Without telling anyone I decided to take the summer off from the blog. Unfortunately, I took the summer off from being a board member too. I didn’t tell anyone about this either.

It was not my intention to stop being a decent board member, it just happened. I got wrapped up in my consulting work, trying to run a 5K in under 30 minutes, and writing a book… on board engagement by the way. So here I am at the end of the summer and there is a bunch of overdue items that I said I would do, but have not delivered on them… like making donor calls, working on the organization’s strategic plan, and being present for the outgoing CEO.

One of the hardest parts of board membership is being engaged when you do not feel engaged. I could blame this on the organization, the cause, or (worse) my fellow board members and the staff I work with, but the reality is my engagement is my responsibility. I have had a list of items in my to do box and I chose to ignore it.

When I was an executive director, I hated board members who procrastinated. They put me in the unenviable position of having to call on them and ask if they did their work. I used to think… “What am I, their mother?” I promised myself I would never do that when I was a board member. Oops! I just did.

Sometimes work is just work. It has to get done. We have to inch our way forward to the next opportunity. Board leadership, like any other job, requires a focus on getting things done even when it doesn’t inspire you that very moment. But like most good things, all those little steps that are taken both individually and with your colleagues, comes together into something wonderful, meaningful, and engaging.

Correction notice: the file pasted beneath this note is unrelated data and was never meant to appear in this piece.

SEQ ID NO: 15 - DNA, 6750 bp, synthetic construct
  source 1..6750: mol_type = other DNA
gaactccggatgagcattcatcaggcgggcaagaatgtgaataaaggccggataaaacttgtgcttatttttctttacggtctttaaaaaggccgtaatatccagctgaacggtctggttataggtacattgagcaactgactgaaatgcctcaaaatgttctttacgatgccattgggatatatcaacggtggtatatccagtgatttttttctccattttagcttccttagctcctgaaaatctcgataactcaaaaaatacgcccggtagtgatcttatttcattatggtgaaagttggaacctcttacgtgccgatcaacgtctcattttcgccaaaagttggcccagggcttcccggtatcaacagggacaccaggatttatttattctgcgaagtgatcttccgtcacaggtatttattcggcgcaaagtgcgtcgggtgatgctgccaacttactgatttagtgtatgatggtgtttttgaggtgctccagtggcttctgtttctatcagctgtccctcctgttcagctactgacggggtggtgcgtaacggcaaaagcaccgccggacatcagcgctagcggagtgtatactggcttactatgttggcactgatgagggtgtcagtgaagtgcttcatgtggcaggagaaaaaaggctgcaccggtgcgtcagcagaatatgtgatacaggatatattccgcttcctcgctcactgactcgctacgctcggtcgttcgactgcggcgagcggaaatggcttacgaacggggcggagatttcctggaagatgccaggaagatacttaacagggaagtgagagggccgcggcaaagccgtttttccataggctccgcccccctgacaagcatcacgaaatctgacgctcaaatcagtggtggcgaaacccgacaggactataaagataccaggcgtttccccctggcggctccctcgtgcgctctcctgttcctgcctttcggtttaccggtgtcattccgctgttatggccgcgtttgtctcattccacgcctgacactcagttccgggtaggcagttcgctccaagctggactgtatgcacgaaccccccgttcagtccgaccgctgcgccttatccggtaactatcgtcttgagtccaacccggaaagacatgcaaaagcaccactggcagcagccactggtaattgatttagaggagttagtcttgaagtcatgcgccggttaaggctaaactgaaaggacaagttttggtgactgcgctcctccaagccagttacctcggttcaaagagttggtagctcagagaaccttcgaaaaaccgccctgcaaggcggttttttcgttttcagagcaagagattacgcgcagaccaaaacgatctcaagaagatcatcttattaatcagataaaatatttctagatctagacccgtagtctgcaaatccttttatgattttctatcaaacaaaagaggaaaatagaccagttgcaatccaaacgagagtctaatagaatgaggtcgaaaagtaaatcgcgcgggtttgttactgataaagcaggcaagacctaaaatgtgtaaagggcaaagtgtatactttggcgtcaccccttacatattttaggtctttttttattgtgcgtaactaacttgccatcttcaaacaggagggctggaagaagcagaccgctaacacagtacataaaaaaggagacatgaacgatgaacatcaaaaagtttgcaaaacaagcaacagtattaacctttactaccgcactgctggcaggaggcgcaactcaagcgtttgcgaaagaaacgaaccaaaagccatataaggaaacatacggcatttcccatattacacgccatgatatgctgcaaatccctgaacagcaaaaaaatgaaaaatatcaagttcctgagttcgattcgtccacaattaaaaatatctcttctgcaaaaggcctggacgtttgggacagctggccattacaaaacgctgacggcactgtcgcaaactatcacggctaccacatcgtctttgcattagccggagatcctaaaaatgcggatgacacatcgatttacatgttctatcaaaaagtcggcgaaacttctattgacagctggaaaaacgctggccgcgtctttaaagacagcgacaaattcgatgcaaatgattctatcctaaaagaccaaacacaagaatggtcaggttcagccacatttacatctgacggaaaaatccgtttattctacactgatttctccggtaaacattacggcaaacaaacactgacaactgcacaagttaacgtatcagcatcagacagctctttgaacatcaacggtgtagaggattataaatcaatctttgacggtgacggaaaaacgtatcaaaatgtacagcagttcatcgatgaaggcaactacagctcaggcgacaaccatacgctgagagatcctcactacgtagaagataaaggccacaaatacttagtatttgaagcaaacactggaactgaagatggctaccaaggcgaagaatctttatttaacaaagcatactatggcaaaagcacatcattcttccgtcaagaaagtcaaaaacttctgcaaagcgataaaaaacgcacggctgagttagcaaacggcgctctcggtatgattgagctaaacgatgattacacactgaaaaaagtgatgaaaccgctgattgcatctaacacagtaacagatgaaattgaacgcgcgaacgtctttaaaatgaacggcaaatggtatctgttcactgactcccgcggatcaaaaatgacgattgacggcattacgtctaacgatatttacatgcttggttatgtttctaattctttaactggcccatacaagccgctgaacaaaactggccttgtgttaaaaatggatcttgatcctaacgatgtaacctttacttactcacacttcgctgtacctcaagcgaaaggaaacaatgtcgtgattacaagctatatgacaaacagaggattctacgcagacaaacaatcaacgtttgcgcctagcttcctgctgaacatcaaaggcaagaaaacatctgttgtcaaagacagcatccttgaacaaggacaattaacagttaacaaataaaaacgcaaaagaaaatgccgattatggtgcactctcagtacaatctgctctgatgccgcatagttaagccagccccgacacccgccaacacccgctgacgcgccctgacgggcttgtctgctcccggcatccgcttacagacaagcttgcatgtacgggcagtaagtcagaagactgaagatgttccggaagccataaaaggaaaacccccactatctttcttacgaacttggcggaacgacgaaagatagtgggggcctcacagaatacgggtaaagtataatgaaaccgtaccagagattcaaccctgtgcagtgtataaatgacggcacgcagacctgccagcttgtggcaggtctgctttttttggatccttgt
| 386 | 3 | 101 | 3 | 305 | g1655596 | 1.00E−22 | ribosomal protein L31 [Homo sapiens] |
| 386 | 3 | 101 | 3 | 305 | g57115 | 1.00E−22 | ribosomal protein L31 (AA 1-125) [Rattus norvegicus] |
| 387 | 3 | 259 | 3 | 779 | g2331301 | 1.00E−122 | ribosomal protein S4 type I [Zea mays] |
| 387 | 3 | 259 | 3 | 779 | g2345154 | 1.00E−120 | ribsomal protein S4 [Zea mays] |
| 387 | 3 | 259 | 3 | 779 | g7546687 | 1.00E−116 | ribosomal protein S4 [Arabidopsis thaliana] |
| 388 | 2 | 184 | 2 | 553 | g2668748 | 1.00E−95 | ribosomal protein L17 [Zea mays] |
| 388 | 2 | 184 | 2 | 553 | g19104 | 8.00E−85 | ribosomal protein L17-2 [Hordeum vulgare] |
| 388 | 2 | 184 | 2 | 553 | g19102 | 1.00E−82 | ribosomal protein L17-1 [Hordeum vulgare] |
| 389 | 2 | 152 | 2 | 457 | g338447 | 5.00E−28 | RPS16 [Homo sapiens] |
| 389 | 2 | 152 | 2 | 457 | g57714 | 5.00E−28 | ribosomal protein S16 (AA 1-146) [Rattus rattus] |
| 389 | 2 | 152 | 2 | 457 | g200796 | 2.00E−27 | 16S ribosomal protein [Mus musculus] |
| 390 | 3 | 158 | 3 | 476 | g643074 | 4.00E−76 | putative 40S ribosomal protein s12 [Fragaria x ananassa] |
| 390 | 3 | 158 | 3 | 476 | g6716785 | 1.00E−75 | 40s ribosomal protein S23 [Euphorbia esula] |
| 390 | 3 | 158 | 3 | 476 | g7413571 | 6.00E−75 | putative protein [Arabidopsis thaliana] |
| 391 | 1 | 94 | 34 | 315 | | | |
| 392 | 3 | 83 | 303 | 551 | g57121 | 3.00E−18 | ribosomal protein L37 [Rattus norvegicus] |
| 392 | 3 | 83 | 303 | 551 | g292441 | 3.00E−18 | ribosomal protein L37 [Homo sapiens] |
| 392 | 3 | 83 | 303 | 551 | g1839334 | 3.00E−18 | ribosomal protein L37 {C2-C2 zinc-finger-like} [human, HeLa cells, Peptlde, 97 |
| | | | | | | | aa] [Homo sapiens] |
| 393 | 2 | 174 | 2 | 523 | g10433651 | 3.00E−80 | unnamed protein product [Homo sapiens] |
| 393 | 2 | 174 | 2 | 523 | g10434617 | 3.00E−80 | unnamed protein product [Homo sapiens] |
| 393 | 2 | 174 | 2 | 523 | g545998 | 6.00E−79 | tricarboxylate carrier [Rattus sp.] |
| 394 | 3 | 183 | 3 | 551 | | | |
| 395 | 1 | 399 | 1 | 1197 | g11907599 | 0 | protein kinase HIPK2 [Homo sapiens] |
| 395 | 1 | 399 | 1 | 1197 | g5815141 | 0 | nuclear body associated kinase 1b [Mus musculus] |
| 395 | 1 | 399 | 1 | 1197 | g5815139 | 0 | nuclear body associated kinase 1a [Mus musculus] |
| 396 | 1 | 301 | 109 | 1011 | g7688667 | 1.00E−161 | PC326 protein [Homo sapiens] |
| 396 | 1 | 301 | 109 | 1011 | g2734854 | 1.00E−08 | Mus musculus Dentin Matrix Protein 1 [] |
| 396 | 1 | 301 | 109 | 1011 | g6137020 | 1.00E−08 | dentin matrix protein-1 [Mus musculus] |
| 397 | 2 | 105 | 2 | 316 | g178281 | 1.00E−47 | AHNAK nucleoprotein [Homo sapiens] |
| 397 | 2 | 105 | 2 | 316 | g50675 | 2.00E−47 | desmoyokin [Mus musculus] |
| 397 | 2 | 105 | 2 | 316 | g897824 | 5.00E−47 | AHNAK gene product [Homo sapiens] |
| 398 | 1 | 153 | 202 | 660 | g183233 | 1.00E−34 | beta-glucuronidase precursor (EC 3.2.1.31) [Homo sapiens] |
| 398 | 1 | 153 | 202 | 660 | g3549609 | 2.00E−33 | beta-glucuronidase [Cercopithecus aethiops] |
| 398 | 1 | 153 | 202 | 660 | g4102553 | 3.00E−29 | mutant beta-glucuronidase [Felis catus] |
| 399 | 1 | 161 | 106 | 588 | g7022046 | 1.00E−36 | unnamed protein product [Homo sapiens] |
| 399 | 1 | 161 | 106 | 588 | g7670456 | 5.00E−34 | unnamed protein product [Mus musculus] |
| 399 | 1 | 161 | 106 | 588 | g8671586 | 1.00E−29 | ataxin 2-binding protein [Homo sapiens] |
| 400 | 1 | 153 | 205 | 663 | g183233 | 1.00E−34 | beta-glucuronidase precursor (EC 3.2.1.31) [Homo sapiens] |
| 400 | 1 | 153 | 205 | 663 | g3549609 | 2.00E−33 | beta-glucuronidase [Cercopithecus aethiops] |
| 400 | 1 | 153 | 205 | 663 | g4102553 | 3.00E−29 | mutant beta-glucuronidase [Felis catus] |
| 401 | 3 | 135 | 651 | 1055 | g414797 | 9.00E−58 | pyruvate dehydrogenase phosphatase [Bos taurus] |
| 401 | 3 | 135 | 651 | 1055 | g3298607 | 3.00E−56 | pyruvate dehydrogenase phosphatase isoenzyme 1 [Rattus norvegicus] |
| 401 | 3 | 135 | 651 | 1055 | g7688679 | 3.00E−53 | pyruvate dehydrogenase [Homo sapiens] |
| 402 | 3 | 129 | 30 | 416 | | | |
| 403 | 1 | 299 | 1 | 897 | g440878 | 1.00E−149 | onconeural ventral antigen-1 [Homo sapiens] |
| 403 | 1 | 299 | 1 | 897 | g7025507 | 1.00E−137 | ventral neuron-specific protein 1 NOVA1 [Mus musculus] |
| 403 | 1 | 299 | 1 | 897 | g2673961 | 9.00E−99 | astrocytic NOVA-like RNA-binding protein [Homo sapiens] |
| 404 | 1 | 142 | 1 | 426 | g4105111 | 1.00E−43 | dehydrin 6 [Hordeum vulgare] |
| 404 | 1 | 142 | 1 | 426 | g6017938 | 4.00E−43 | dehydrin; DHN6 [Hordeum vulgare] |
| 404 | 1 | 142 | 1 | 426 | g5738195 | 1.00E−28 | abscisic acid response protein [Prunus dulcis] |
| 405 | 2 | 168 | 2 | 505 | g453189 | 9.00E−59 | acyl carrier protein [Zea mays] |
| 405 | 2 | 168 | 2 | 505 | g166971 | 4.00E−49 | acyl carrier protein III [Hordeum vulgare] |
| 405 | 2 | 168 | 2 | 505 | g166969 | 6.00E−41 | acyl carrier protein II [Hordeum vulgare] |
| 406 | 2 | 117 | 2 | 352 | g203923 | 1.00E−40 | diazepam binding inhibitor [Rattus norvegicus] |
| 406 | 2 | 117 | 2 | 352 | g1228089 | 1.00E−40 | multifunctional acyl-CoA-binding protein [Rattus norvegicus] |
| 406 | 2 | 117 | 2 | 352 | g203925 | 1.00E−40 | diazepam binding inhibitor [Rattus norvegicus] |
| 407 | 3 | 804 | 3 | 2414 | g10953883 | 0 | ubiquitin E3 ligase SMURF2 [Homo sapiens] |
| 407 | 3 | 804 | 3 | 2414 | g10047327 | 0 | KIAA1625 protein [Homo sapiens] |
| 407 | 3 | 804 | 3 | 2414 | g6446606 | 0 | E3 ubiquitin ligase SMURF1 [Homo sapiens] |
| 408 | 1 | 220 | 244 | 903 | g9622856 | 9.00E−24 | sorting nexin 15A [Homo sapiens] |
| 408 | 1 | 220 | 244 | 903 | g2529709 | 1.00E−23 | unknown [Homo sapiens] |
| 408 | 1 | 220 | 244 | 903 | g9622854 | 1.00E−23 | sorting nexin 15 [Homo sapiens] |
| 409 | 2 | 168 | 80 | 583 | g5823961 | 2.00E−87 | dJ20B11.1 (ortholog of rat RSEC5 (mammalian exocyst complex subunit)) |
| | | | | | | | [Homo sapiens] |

Now, where is that list?

Has Social Media and Social Causes Together Achieved a “Citizen Kane” Moment?

This post is off-the-beaten path of what I usually write about, but I have been curious about this for sometime.

Many consider Orson Welles’ Citizen Kane to be the greatest American movie ever made. Premiering in 1941, it follows the first movie, The Horse in Motion, by 63 years and follows the first talkie, The Jazz Singer, by 14 years. It is consider a masterpiece because it took the conventions of moviemaking and transformed them. Welles and his collaborators made something vastly different from what others had done before, thus creating a new form in and of itself.

I am wondering if social media and social causes together have achieved such a moment. Or, are we still out there searching for these new forms? What do you think?

Flip Your Mission: Framing a Compelling Message

This installment of the Sixty-Second Strategy challenges board and staff to frame a compelling message by transforming how they talk about their organization.

Visit previous strategies…

Kick Start Your Meeting

Defining Your Value